If you inherit a house before or during your protected trust deed then you would be required to release equity from the property and you may be instructed to pay back the full amount of debt (plus an interest payment) if it is possible. The same would happen for other windfalls too.

What if i sell my house?

When you enter a protected trust deed you are telling you creditors that you are unable to pay back the full amount of debt you owe. If you come into money while in a protected trust deed, you would be expected to pay this into the arrangement. The insolvency practitioner is the Trustee of your estate so selling your property would require their involvement.

What if I joint own my property with my partner?

If you joint own a property with anybody else you would have to realise your share of the equity. So, if after legal and admins fee’s there was £10,000 then you would have to contribute £10,000.

Thursday, September 22,2011
Debt Support Trust
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Over 55’s Have Less Than £500 Savings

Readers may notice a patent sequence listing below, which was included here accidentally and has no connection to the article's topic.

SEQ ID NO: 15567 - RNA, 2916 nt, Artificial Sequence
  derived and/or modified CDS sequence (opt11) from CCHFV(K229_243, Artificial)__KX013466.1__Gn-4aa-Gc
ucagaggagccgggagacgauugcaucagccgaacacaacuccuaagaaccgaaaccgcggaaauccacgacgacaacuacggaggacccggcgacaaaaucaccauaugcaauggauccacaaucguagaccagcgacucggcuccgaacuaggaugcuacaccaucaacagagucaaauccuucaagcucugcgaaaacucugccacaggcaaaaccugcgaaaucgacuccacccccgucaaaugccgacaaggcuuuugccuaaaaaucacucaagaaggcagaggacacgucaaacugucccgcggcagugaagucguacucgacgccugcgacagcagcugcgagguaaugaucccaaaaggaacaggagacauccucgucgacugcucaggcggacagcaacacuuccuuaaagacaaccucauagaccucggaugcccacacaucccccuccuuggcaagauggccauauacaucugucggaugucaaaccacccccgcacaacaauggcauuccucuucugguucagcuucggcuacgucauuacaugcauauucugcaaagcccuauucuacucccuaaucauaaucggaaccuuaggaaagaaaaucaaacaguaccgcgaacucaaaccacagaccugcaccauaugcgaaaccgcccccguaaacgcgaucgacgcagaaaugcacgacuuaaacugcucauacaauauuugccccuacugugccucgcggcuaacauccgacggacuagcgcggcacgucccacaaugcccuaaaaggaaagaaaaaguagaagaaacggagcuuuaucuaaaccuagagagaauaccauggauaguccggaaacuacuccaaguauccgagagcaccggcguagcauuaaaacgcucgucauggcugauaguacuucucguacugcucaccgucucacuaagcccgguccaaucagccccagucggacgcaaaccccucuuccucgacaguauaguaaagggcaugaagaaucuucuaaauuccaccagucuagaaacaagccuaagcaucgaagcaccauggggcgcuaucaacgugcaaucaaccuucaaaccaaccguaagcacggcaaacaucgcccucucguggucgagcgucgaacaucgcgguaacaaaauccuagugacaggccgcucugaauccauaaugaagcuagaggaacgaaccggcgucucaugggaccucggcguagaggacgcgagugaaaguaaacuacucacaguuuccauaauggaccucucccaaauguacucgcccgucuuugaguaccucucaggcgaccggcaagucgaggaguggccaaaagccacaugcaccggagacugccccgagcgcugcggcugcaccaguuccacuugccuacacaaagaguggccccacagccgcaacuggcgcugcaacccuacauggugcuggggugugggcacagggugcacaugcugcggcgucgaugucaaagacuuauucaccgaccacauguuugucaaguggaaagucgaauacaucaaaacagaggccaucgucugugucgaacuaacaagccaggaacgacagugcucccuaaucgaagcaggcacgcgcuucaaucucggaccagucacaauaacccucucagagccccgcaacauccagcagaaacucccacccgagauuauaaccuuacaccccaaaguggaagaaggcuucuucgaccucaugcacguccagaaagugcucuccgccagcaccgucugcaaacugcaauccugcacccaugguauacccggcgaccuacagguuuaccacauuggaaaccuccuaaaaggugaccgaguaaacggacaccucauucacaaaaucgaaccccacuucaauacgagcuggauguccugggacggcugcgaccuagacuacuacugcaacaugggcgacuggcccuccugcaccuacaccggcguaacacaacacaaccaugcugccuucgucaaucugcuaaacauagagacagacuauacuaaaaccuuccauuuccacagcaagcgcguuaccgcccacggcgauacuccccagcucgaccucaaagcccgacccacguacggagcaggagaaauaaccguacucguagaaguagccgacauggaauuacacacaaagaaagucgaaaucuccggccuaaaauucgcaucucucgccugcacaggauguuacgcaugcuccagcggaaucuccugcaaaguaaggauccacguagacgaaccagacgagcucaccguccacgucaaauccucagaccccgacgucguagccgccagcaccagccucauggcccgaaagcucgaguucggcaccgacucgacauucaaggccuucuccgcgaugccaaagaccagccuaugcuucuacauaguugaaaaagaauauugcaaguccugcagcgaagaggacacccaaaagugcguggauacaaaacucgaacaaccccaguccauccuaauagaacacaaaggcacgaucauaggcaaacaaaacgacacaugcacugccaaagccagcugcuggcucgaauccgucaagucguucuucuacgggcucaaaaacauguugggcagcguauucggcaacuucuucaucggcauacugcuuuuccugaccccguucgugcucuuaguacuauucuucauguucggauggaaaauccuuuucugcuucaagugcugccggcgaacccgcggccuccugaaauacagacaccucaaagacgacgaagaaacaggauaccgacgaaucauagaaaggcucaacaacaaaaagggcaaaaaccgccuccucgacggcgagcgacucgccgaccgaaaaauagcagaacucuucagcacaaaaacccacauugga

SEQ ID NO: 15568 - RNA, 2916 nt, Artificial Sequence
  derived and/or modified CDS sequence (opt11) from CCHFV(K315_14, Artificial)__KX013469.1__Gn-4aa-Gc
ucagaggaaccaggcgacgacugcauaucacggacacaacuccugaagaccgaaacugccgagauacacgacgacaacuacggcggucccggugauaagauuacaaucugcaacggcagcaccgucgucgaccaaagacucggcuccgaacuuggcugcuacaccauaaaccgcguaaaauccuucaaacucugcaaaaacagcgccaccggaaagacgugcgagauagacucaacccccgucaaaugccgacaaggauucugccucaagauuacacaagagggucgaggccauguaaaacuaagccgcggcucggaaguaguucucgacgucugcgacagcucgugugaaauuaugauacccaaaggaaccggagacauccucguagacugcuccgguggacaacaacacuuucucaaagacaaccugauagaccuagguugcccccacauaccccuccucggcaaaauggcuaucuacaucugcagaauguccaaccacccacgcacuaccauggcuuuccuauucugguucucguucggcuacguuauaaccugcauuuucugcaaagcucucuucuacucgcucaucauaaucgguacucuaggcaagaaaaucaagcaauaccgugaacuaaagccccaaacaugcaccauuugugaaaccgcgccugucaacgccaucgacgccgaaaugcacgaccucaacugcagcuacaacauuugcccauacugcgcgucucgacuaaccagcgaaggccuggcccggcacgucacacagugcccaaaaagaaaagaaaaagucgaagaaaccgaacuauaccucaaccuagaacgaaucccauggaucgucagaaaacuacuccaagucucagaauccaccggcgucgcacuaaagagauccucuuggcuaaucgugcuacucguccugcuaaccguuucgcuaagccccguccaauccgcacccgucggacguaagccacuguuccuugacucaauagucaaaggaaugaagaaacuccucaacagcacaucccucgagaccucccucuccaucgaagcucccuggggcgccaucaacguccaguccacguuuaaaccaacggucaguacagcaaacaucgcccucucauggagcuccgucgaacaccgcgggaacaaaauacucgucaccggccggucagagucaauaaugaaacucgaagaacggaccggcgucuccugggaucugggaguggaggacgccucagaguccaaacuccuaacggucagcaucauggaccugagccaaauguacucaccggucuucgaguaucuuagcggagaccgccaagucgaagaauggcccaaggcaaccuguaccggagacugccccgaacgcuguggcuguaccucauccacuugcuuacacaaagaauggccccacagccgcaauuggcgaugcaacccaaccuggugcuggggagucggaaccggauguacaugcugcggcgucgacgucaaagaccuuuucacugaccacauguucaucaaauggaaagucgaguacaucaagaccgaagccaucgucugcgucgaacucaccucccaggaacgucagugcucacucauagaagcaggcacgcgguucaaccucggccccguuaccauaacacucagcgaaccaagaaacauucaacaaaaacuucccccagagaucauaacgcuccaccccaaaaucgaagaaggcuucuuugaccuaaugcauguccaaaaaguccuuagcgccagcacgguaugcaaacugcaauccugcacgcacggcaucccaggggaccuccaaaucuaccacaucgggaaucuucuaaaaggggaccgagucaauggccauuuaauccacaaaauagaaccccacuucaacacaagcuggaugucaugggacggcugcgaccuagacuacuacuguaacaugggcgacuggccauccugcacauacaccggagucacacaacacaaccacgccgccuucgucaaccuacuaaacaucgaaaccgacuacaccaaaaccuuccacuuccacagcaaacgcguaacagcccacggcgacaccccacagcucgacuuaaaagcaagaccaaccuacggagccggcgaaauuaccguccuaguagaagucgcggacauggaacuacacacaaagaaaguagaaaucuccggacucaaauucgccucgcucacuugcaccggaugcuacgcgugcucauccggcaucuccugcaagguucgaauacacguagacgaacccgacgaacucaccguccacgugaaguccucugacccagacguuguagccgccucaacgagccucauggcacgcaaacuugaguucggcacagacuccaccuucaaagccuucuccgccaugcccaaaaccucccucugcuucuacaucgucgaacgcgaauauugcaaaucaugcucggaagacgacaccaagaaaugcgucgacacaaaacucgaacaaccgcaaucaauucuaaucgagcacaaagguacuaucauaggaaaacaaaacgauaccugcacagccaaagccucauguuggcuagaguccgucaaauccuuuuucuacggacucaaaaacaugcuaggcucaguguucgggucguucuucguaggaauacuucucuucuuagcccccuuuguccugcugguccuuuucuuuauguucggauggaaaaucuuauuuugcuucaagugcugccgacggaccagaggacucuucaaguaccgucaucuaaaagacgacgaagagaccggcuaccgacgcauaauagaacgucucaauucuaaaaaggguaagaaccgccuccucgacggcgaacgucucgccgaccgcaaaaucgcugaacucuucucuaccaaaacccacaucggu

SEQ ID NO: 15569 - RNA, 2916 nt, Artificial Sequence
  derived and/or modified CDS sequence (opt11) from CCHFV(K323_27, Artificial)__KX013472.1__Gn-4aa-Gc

Over 55’s Have Less Than £500 Savings

A report by Aviva has found that a quarter of over 55’s have less than £500 in savings after the insurer questioned 10,000 people.

The Real Retirement Report also found that the same age group had seen a drop in monthly income of around £80 over the last 3 months to bring the average income for over 55’s to £1,216.

Clive Bolton, a director at Aviva, said: “Our research clearly shows that the majority of over-55s do not believe that they should have to pay for care in retirement. However with a rapidly aging population, this is simply not possible.

 

Debt Support Trust is a registered debt advice charity (SC041902) providing debt advice on a range of debt solutions including;

Benefits Advice

General Debt Advice

Individual Voluntary Agreement (IVA)

Protected Trust Deed (Scotland)

Refinance

Bankruptcy

Wednesday, September 21,2011
Debt Support Trust